World Wrestling Entertainment is coming out with a DVD set entitled The Rise and Fall of WCW. The DVD is set to release in the U.S. on August 25th
Now as you may recall, the DVD they released several years ago, The Rise and Fall of ECW was a runaway success, and was generally praised, even though it exhibited a little WWE revisionist history.Will the WCW set be as good as the ECW offering? Will they set aside some of the animosity usually shown towards anything and everything WCW? Will the “if Vince McMahon didn’t create it, it sucks stereotype be perpetuated?
WWE has actually released a sneak peak of the production, which looks promising. Especially surprising was that they actually dug up some of the important people involved in the company, rather than just having random wrestlers give their personal opinions. I mean, they even interviewed Magnum T.A. and David Crockett!
Below is the clip WWE released. Please stick around, as I have my own WCW story to tell. The DVD will be released almost exactly nine years ago to the day the story takes place.
I used to be a huge WCW fan. Well, when I began following it, they were still known as the NWA. World Championship Wrestling was simply the name of their flagship TV program on Superstation WTBS. Before discovering the NWA/WCW, I was a loyal WWF (aka: WWE) fan. I watched everything I could.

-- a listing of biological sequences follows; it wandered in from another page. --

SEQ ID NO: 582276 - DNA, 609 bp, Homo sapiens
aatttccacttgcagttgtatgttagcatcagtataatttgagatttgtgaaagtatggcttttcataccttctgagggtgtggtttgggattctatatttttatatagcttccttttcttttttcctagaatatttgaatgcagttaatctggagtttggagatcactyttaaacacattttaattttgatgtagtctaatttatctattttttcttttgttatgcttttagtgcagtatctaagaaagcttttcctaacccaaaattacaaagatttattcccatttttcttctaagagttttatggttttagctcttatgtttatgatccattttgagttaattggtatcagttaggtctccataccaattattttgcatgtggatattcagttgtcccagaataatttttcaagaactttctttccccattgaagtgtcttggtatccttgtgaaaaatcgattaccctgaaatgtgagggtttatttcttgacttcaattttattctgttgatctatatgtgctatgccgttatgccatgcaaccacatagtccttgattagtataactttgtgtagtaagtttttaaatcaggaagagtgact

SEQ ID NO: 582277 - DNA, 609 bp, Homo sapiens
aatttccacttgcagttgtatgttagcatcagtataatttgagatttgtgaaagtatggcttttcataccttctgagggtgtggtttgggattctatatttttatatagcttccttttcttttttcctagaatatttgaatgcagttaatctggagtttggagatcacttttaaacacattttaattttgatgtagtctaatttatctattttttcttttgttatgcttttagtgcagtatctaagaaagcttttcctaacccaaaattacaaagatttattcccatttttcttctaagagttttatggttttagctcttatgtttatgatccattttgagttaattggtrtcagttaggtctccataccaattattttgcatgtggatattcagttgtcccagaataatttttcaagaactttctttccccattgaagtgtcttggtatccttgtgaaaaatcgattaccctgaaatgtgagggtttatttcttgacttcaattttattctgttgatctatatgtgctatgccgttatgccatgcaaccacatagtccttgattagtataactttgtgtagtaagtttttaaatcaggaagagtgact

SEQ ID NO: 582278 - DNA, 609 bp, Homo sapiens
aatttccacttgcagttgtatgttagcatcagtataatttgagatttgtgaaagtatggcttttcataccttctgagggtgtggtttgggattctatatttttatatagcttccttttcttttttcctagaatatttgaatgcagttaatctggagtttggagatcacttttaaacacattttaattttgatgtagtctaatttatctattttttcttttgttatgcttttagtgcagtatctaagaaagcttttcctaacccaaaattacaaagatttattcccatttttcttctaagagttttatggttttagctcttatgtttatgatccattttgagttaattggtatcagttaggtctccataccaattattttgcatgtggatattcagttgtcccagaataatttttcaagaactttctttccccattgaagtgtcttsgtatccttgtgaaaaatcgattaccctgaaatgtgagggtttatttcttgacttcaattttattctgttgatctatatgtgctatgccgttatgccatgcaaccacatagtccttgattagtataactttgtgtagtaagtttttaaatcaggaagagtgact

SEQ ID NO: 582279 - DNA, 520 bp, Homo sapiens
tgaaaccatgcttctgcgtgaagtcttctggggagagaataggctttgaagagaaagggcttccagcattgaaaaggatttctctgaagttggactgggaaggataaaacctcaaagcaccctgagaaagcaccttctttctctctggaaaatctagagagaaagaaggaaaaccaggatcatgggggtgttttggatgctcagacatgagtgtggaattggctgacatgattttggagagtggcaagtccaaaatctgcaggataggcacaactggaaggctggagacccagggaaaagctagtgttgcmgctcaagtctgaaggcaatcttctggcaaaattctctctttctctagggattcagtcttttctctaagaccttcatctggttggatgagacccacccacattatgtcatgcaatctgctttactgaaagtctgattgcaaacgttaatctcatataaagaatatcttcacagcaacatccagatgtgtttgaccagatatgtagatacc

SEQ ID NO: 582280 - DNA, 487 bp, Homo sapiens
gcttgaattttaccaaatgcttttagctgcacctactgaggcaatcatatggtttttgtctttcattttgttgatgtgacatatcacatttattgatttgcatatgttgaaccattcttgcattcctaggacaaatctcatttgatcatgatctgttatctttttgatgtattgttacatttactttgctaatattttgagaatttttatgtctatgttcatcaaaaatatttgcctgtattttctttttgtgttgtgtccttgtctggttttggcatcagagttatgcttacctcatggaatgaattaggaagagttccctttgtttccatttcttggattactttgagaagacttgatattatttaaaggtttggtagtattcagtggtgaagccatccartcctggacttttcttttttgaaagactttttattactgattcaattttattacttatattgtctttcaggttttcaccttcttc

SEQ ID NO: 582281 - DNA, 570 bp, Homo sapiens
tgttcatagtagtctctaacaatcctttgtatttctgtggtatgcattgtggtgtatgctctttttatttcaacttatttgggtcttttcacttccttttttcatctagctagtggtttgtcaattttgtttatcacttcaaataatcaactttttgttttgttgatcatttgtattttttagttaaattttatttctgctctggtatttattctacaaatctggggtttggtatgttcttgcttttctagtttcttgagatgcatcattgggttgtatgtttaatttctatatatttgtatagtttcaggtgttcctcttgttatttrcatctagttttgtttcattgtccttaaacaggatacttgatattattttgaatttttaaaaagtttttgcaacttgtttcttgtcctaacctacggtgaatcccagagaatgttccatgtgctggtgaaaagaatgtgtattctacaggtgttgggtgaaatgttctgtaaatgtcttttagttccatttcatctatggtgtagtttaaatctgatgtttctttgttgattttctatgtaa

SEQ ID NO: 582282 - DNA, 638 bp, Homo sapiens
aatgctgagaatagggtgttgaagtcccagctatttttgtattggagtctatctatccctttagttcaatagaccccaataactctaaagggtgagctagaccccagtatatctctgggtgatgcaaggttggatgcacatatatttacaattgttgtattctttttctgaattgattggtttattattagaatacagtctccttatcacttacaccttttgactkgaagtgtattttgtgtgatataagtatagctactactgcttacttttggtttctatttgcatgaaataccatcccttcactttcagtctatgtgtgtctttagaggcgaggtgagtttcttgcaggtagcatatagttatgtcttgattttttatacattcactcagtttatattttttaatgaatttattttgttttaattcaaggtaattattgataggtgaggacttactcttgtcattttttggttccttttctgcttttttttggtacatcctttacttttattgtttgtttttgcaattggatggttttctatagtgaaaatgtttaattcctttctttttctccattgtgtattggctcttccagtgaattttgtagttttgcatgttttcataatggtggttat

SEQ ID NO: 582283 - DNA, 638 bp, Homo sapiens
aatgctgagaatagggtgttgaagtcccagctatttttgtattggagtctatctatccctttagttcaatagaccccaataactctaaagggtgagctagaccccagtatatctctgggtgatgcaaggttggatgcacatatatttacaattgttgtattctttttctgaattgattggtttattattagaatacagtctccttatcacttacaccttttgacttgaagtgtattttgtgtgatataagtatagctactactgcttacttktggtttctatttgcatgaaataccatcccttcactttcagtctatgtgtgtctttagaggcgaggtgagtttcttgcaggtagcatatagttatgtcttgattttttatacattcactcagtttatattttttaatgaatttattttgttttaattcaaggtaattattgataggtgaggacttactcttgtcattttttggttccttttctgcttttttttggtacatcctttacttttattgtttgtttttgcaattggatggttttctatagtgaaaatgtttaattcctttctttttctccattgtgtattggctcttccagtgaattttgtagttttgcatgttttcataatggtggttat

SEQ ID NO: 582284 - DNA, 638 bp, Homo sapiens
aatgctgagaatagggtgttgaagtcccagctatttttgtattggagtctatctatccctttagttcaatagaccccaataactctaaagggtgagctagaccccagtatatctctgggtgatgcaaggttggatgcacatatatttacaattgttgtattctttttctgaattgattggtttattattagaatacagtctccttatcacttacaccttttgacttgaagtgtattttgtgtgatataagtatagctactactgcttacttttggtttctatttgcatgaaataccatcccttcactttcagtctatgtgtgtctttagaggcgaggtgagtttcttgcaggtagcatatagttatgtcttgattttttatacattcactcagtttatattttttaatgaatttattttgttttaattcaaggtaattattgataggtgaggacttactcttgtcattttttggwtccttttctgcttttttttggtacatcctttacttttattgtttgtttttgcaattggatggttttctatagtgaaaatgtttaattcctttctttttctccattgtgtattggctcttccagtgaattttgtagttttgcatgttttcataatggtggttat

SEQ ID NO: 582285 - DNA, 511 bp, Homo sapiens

Then one night, I didn’t turn the TV off right away after WWF Superstars of Wrestling. This other wrestling show came on – Worldwide Wrestling. It was an NWA show featuring the likes of Ric Flair, The Russians, The Road Warriors, Ron Garvin and feuding Rock ‘n’ Roll Express and Midnight Express. I was hooked. There was more blood, more physicality, more action, and the word on the playground at school was “WWF is #1, but they’re fake. NWA, however, is REAL.” Seriously, that’s what other kids told me over and over.
Fast-forward many years, and things were going quite well for me in my own pro wrestling endeavours. I was getting a ton of bookings each month, and had, as many do, sent of numerous tapes and promo packages to the WWE and WCW (for the record, WWE always called me back, WCW never did, probably because at the time, you sent everything to Paul Orndorff, who only liked guys that looked like him).
Then came New Blood Rising, a live WCW PPV being held in Vancouver, BC of all places. This was the first time WCW had EVER run a show there. As we often did, a few of the more diehard ECCW’ers (myself, Ladies Choice,Tony Kozina, and Chance Beckett) headed down to the venue to see who we could talk to. In the past we had attended a few WWE shows, talked to some great people, and ate their catered food. Stephanie McMahon even went out of her way to come say hello to us, and Pat Patterson pointed out Ladies Choice and proclaimed “Hey! Look! It’s Shawn Michael!” (yes, no “S” on the end). It was always a great experience each time. I cannot state how FRIENDLY the atmosphere was. I mean, even Vince would bellow a “how’s it going gentlemen” on his way past. Everyone had a smile and everyone was happy. It was obvious that this was something everyone in their right mind would want to be a part of.
I take that back. Perry Saturn looked grumpy. And like he could easily kill me by only slightly exerting his pinky toe.